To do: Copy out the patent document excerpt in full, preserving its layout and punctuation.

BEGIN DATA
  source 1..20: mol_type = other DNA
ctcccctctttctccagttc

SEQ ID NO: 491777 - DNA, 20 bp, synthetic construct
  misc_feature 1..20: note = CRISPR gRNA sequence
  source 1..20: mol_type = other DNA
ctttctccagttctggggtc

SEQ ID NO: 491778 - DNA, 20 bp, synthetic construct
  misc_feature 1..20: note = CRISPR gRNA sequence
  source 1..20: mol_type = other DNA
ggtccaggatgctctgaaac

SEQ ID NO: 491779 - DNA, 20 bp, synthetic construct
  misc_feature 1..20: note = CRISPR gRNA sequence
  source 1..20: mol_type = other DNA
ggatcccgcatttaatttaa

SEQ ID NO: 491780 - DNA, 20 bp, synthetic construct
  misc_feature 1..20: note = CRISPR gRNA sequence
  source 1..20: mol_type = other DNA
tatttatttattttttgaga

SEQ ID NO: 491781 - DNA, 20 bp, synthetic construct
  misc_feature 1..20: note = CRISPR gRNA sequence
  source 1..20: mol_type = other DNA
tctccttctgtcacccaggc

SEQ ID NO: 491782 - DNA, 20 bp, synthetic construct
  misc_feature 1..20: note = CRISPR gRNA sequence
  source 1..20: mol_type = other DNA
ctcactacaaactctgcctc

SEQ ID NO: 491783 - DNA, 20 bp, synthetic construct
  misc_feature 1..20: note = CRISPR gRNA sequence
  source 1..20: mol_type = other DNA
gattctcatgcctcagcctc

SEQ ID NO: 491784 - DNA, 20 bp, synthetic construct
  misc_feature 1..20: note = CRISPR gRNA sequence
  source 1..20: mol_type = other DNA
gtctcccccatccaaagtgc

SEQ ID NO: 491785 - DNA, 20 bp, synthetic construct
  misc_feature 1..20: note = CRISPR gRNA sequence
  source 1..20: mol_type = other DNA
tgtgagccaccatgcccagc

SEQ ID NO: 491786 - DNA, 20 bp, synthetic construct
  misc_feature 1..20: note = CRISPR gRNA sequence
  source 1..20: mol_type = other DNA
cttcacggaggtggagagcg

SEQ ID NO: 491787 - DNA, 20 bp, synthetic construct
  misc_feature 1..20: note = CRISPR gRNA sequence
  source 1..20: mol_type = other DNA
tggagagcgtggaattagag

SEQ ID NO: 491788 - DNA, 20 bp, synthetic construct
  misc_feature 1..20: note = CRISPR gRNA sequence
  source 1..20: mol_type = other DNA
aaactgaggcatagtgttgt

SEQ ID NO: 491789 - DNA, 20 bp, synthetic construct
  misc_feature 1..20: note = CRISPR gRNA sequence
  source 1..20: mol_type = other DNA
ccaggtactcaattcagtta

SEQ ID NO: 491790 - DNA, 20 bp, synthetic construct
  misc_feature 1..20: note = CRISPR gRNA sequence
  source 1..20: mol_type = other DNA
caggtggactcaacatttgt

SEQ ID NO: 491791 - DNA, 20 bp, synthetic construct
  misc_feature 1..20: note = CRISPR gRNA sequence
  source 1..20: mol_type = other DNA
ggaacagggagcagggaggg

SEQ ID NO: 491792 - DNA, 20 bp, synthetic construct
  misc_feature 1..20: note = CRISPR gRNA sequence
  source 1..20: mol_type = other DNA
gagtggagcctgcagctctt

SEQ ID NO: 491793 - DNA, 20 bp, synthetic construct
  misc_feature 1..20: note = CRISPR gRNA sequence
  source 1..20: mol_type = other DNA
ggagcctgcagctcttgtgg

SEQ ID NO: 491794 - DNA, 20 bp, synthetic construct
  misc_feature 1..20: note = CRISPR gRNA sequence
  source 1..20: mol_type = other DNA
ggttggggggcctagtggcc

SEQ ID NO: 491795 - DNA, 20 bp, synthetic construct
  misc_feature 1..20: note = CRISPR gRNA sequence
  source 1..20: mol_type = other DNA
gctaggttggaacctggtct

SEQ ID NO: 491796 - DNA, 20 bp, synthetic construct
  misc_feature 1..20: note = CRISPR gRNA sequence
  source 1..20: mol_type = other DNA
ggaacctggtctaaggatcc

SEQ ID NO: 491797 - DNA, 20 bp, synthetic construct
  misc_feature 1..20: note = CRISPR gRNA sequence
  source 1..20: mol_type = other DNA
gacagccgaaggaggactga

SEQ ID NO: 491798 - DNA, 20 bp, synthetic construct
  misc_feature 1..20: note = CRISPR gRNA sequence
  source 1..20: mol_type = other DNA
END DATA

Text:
  source 1..20: mol_type = other DNA
ctcccctctttctccagttc

SEQ ID NO: 491777 - DNA, 20 bp, synthetic construct
  misc_feature 1..20: note = CRISPR gRNA sequence
  source 1..20: mol_type = other DNA
ctttctccagttctggggtc

SEQ ID NO: 491778 - DNA, 20 bp, synthetic construct
  misc_feature 1..20: note = CRISPR gRNA sequence
  source 1..20: mol_type = other DNA
ggtccaggatgctctgaaac

SEQ ID NO: 491779 - DNA, 20 bp, synthetic construct
  misc_feature 1..20: note = CRISPR gRNA sequence
  source 1..20: mol_type = other DNA
ggatcccgcatttaatttaa

SEQ ID NO: 491780 - DNA, 20 bp, synthetic construct
  misc_feature 1..20: note = CRISPR gRNA sequence
  source 1..20: mol_type = other DNA
tatttatttattttttgaga

SEQ ID NO: 491781 - DNA, 20 bp, synthetic construct
  misc_feature 1..20: note = CRISPR gRNA sequence
  source 1..20: mol_type = other DNA
tctccttctgtcacccaggc

SEQ ID NO: 491782 - DNA, 20 bp, synthetic construct
  misc_feature 1..20: note = CRISPR gRNA sequence
  source 1..20: mol_type = other DNA
ctcactacaaactctgcctc

SEQ ID NO: 491783 - DNA, 20 bp, synthetic construct
  misc_feature 1..20: note = CRISPR gRNA sequence
  source 1..20: mol_type = other DNA
gattctcatgcctcagcctc

SEQ ID NO: 491784 - DNA, 20 bp, synthetic construct
  misc_feature 1..20: note = CRISPR gRNA sequence
  source 1..20: mol_type = other DNA
gtctcccccatccaaagtgc

SEQ ID NO: 491785 - DNA, 20 bp, synthetic construct
  misc_feature 1..20: note = CRISPR gRNA sequence
  source 1..20: mol_type = other DNA
tgtgagccaccatgcccagc

SEQ ID NO: 491786 - DNA, 20 bp, synthetic construct
  misc_feature 1..20: note = CRISPR gRNA sequence
  source 1..20: mol_type = other DNA
cttcacggaggtggagagcg

SEQ ID NO: 491787 - DNA, 20 bp, synthetic construct
  misc_feature 1..20: note = CRISPR gRNA sequence
  source 1..20: mol_type = other DNA
tggagagcgtggaattagag

SEQ ID NO: 491788 - DNA, 20 bp, synthetic construct
  misc_feature 1..20: note = CRISPR gRNA sequence
  source 1..20: mol_type = other DNA
aaactgaggcatagtgttgt

SEQ ID NO: 491789 - DNA, 20 bp, synthetic construct
  misc_feature 1..20: note = CRISPR gRNA sequence
  source 1..20: mol_type = other DNA
ccaggtactcaattcagtta

SEQ ID NO: 491790 - DNA, 20 bp, synthetic construct
  misc_feature 1..20: note = CRISPR gRNA sequence
  source 1..20: mol_type = other DNA
caggtggactcaacatttgt

SEQ ID NO: 491791 - DNA, 20 bp, synthetic construct
  misc_feature 1..20: note = CRISPR gRNA sequence
  source 1..20: mol_type = other DNA
ggaacagggagcagggaggg

SEQ ID NO: 491792 - DNA, 20 bp, synthetic construct
  misc_feature 1..20: note = CRISPR gRNA sequence
  source 1..20: mol_type = other DNA
gagtggagcctgcagctctt

SEQ ID NO: 491793 - DNA, 20 bp, synthetic construct
  misc_feature 1..20: note = CRISPR gRNA sequence
  source 1..20: mol_type = other DNA
ggagcctgcagctcttgtgg

SEQ ID NO: 491794 - DNA, 20 bp, synthetic construct
  misc_feature 1..20: note = CRISPR gRNA sequence
  source 1..20: mol_type = other DNA
ggttggggggcctagtggcc

SEQ ID NO: 491795 - DNA, 20 bp, synthetic construct
  misc_feature 1..20: note = CRISPR gRNA sequence
  source 1..20: mol_type = other DNA
gctaggttggaacctggtct

SEQ ID NO: 491796 - DNA, 20 bp, synthetic construct
  misc_feature 1..20: note = CRISPR gRNA sequence
  source 1..20: mol_type = other DNA
ggaacctggtctaaggatcc

SEQ ID NO: 491797 - DNA, 20 bp, synthetic construct
  misc_feature 1..20: note = CRISPR gRNA sequence
  source 1..20: mol_type = other DNA
gacagccgaaggaggactga

SEQ ID NO: 491798 - DNA, 20 bp, synthetic construct
  misc_feature 1..20: note = CRISPR gRNA sequence
  source 1..20: mol_type = other DNA